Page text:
Despite concerns from the board about the building’s unique combination of both bulk and height and with support but also questions from residents concerned about truck traffic and the building’s multiple visible facades, the design for the 16-story development planned to be home to a Whole Foods at Broadway and Madison was moved forward Wednesday night in its first step in Seattle’s design review process.
The review board felt the design presented Wednesday was “too timid” and “too much of a solid block” for such a large project on an important corner between Capitol Hill and First Hill. “I’m not seeing a gateway statement,” one board member said. But the board also agreed it could provide enough guidance to the architects and developers to move the project through to the final “recommendation” phase of the review process.
In making their decision, the board members said the project’s developers and designers needed to come to the next phase with a proposal that better mitigated the bulk of a 16-story, full-block building and create a larger plaza on the prominent corner.
Developer Columbia Pacific Advisors and architects Tiscareno Associates hope to open the 160-foot-tall, 288-unit apartment project with a two-level 40,000 square-foot street-level “urban grocery” and five stories of underground parking for 374 motor vehicles and 98 bikes by late 2017 or early 2018.
Residents who spoke during the public comments were generally supportive — “What I look at now is extremely ugly,” one First Hill resident said about the current site — but raised concerns echoed later in the night during the design review board’s deliberation on the project. The 1928-built, three-story masonry medical building currently at the site will be demolished to make way for the new development, by the way.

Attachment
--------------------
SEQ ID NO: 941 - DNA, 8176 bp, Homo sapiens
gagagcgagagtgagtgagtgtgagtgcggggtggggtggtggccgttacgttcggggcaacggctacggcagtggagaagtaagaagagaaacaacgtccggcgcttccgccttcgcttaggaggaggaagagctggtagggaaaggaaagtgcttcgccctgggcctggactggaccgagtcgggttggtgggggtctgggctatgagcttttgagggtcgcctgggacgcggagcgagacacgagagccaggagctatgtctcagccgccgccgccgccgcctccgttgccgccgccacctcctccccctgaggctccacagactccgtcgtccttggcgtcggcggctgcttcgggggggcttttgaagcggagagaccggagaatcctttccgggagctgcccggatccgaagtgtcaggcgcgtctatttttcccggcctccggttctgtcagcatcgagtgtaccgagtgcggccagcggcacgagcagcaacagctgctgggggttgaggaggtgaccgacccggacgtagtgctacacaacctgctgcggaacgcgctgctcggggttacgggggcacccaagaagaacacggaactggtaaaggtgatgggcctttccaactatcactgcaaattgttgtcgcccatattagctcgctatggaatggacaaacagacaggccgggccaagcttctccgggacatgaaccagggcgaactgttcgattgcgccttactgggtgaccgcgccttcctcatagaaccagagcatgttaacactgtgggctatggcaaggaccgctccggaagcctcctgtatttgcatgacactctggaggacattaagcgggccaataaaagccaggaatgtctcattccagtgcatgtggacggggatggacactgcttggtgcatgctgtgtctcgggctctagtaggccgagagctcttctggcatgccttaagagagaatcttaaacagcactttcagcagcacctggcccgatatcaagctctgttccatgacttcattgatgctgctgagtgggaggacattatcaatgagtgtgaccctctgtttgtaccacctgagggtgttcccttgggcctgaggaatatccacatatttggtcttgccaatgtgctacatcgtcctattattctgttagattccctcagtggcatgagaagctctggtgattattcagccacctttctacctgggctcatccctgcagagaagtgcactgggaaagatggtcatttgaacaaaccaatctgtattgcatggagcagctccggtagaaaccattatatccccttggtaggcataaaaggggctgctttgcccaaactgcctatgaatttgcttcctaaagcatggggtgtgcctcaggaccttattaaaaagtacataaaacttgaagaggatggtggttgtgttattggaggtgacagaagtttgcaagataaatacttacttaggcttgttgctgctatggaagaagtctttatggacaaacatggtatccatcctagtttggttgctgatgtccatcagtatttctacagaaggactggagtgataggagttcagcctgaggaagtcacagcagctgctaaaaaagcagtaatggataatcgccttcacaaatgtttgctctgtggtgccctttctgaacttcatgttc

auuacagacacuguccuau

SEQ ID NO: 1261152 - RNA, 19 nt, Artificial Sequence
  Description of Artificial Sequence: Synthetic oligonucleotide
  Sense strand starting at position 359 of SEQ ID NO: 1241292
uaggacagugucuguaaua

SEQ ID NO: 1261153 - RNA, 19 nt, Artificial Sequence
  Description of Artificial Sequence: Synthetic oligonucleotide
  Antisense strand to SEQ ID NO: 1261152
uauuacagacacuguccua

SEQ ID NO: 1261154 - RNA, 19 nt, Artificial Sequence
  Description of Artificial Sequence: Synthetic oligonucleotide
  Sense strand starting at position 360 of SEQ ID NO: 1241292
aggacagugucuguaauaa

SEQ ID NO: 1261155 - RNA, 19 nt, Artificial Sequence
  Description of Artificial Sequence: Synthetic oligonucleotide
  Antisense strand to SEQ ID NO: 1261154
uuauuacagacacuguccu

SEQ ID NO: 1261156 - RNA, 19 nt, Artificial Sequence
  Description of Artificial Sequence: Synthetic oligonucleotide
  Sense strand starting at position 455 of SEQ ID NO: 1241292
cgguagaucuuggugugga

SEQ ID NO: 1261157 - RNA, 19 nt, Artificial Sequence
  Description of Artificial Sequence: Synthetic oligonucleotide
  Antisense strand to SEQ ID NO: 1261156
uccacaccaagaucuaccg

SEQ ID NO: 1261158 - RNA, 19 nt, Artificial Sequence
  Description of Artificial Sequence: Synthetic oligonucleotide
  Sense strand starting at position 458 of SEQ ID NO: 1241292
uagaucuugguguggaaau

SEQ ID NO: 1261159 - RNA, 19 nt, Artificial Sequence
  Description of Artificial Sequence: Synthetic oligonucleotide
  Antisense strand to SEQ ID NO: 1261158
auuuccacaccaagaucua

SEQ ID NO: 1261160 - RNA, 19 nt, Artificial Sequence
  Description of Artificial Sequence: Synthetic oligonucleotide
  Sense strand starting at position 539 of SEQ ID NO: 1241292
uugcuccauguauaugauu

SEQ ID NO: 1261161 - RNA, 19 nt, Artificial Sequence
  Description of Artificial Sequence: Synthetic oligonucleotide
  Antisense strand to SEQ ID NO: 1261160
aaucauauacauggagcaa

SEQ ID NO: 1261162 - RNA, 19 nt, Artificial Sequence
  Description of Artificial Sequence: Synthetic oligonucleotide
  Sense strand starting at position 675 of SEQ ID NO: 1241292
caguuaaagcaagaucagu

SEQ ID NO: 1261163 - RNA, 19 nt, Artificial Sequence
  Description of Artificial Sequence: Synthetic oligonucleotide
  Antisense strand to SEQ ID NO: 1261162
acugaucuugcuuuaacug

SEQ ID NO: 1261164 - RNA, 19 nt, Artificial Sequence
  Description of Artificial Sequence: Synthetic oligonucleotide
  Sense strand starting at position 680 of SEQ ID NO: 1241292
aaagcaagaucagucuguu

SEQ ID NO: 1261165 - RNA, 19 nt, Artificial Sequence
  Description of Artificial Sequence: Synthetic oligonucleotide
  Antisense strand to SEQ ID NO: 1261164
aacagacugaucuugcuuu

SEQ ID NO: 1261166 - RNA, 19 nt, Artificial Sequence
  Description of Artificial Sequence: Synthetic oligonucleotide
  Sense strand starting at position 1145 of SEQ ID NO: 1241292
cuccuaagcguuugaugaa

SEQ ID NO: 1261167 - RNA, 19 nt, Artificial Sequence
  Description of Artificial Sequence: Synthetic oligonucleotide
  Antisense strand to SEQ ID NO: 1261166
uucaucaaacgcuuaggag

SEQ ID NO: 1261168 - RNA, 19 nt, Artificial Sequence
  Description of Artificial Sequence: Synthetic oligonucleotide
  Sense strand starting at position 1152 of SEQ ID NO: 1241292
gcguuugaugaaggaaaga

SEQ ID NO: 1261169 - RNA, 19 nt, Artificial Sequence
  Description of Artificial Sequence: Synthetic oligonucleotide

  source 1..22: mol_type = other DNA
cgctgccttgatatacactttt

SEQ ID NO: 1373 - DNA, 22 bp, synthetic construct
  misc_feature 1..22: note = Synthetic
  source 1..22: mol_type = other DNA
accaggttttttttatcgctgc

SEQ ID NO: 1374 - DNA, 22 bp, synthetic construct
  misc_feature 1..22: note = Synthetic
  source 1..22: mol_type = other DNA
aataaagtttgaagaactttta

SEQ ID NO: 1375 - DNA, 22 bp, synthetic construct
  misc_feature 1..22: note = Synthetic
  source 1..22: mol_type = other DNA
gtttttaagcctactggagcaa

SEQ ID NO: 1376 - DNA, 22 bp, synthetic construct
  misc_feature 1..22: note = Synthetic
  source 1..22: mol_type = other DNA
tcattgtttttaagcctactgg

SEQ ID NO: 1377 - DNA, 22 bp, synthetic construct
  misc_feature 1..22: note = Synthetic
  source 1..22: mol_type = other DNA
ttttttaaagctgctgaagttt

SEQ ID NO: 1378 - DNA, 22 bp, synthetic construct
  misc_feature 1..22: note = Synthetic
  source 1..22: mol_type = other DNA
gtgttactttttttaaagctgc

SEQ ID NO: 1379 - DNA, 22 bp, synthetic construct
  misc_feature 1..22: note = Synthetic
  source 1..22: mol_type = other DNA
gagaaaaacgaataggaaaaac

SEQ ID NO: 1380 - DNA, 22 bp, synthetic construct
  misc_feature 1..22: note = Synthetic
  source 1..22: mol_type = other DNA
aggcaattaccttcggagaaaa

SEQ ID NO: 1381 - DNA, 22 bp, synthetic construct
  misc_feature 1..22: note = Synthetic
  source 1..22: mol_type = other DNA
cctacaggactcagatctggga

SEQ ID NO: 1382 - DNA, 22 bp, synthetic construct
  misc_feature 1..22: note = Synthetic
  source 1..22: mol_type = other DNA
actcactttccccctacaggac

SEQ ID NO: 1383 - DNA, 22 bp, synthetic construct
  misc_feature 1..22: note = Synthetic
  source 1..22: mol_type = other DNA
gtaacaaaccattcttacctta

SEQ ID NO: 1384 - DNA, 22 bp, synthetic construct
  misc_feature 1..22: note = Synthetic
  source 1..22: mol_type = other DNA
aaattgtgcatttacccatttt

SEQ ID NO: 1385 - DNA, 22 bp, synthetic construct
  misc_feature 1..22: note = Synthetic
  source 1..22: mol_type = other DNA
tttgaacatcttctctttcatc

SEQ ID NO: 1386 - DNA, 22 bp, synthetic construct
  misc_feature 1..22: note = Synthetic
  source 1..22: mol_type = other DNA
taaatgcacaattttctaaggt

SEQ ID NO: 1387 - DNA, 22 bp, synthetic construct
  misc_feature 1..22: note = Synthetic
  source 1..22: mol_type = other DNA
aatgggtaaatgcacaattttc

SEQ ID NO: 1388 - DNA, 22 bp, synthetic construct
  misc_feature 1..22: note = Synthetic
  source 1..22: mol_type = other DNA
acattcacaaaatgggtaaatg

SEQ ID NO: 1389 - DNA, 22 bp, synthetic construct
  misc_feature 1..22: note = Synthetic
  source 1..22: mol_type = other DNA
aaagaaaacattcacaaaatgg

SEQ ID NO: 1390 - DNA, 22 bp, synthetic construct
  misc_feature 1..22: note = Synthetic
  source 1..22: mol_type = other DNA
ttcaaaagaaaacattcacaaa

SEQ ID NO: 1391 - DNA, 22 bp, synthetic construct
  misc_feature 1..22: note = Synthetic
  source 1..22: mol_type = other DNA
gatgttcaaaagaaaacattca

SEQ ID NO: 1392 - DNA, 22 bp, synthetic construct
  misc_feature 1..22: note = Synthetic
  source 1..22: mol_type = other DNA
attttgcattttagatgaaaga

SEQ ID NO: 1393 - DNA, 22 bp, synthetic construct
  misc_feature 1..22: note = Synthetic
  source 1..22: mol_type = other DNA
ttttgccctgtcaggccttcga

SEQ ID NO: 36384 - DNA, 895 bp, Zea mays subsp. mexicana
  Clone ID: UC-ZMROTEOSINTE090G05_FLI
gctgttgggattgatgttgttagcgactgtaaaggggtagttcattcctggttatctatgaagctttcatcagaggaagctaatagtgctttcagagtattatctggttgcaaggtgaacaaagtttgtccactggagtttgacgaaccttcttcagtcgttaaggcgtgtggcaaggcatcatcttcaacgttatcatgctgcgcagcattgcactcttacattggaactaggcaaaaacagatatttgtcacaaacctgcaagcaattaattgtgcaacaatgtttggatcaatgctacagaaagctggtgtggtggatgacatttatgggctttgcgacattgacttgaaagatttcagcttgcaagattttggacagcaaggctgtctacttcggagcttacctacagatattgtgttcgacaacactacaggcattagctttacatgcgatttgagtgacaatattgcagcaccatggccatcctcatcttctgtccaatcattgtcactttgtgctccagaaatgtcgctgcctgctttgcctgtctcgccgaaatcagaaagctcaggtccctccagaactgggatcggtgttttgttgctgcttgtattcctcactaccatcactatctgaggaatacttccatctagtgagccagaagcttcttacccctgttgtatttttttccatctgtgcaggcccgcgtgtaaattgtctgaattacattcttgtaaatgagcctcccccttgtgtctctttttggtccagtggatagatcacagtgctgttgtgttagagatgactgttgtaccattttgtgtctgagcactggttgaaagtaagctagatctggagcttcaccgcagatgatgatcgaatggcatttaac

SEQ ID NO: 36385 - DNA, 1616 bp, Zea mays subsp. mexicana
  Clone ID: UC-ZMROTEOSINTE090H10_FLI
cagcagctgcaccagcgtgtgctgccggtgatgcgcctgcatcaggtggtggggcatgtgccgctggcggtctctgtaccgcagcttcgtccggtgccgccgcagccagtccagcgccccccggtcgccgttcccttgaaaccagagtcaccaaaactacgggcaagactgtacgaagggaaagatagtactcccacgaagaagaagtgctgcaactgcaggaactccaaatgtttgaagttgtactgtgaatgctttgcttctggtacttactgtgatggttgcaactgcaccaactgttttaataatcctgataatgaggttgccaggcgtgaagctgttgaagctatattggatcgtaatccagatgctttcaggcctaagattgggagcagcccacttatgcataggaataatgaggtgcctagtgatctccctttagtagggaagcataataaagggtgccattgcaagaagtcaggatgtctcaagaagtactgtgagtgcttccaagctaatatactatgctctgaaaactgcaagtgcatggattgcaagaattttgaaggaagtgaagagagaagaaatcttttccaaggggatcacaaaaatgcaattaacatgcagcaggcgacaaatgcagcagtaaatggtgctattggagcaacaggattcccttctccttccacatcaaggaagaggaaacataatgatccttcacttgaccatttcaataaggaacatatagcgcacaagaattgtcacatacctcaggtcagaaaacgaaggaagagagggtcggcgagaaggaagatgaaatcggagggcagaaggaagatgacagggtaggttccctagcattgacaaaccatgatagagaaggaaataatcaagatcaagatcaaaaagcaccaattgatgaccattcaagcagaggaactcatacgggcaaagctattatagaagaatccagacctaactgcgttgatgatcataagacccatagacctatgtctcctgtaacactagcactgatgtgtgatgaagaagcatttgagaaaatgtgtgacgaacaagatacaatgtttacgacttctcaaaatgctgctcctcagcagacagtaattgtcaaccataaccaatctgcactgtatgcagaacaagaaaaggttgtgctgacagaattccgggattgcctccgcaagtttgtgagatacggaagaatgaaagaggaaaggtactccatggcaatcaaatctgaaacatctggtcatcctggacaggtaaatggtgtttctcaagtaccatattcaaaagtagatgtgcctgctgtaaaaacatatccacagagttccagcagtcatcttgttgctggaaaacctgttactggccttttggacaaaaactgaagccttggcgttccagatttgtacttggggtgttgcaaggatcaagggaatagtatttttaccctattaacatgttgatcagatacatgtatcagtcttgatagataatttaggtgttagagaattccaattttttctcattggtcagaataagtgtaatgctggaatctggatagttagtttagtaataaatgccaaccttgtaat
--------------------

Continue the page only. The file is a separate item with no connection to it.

Speakers raised concerns about the building’s bulk and massive wall of metal siding appearing on the First Hill skyline, narrow sidewalks in the area, and truck traffic for the Whole Foods that is planned to exit through an alley onto Madison.
One resident said 16 stories of metal siding needs to either be the highest quality material — or re-thought. “I’ve yet to see it really well finished so it doesn’t look like it’s puckering,” he said.
Mike Archambault, treasurer for the Capitol Hill Community Council and an engineer, also asked the board to consider the amount of traffic that will be created by the customer parking. In a math-focused comment, he shared a rough estimate that the two floors of customer parking and 143 stalls will mean a car entering from Harvard and exiting the garage every 16 seconds at 80% usage.
Jim Erickson of the First Hill Improvement Association spoke up for making sure the project’s design was optimized for public safety and lighting that won’t be shadowed by trees along the future “green” Spring Street. He also said the board needed to consider the future of transit in the area and the changing Madison streetscape as it deliberated elements like the building’s setbacks from the sidewalk and the creation of plaza spaces.
A representative for a local developer said overall he was satisfied with the design. “We own quite a few properties around this site,” Mike Oaksmith of Hunters Capital said. “I’m thrilled that this site is getting a Whole Foods.”
The board also took up “departure requests” from the applicants that would allow the developer to tweak a small set of zoning rules on the project. The request that seemed to garner the most positive response from the board — and, likely, anybody who has ever been inside the Madison Trader Joe’s parking lot — would allow the project to have larger parking spaces than regulations allow “in order to provide easy access in and out.”
The project’s next review meeting will be scheduled in coming weeks. 68% of respondents in a CHS poll, by the way, said they were happy with the project’s initial design review proposal.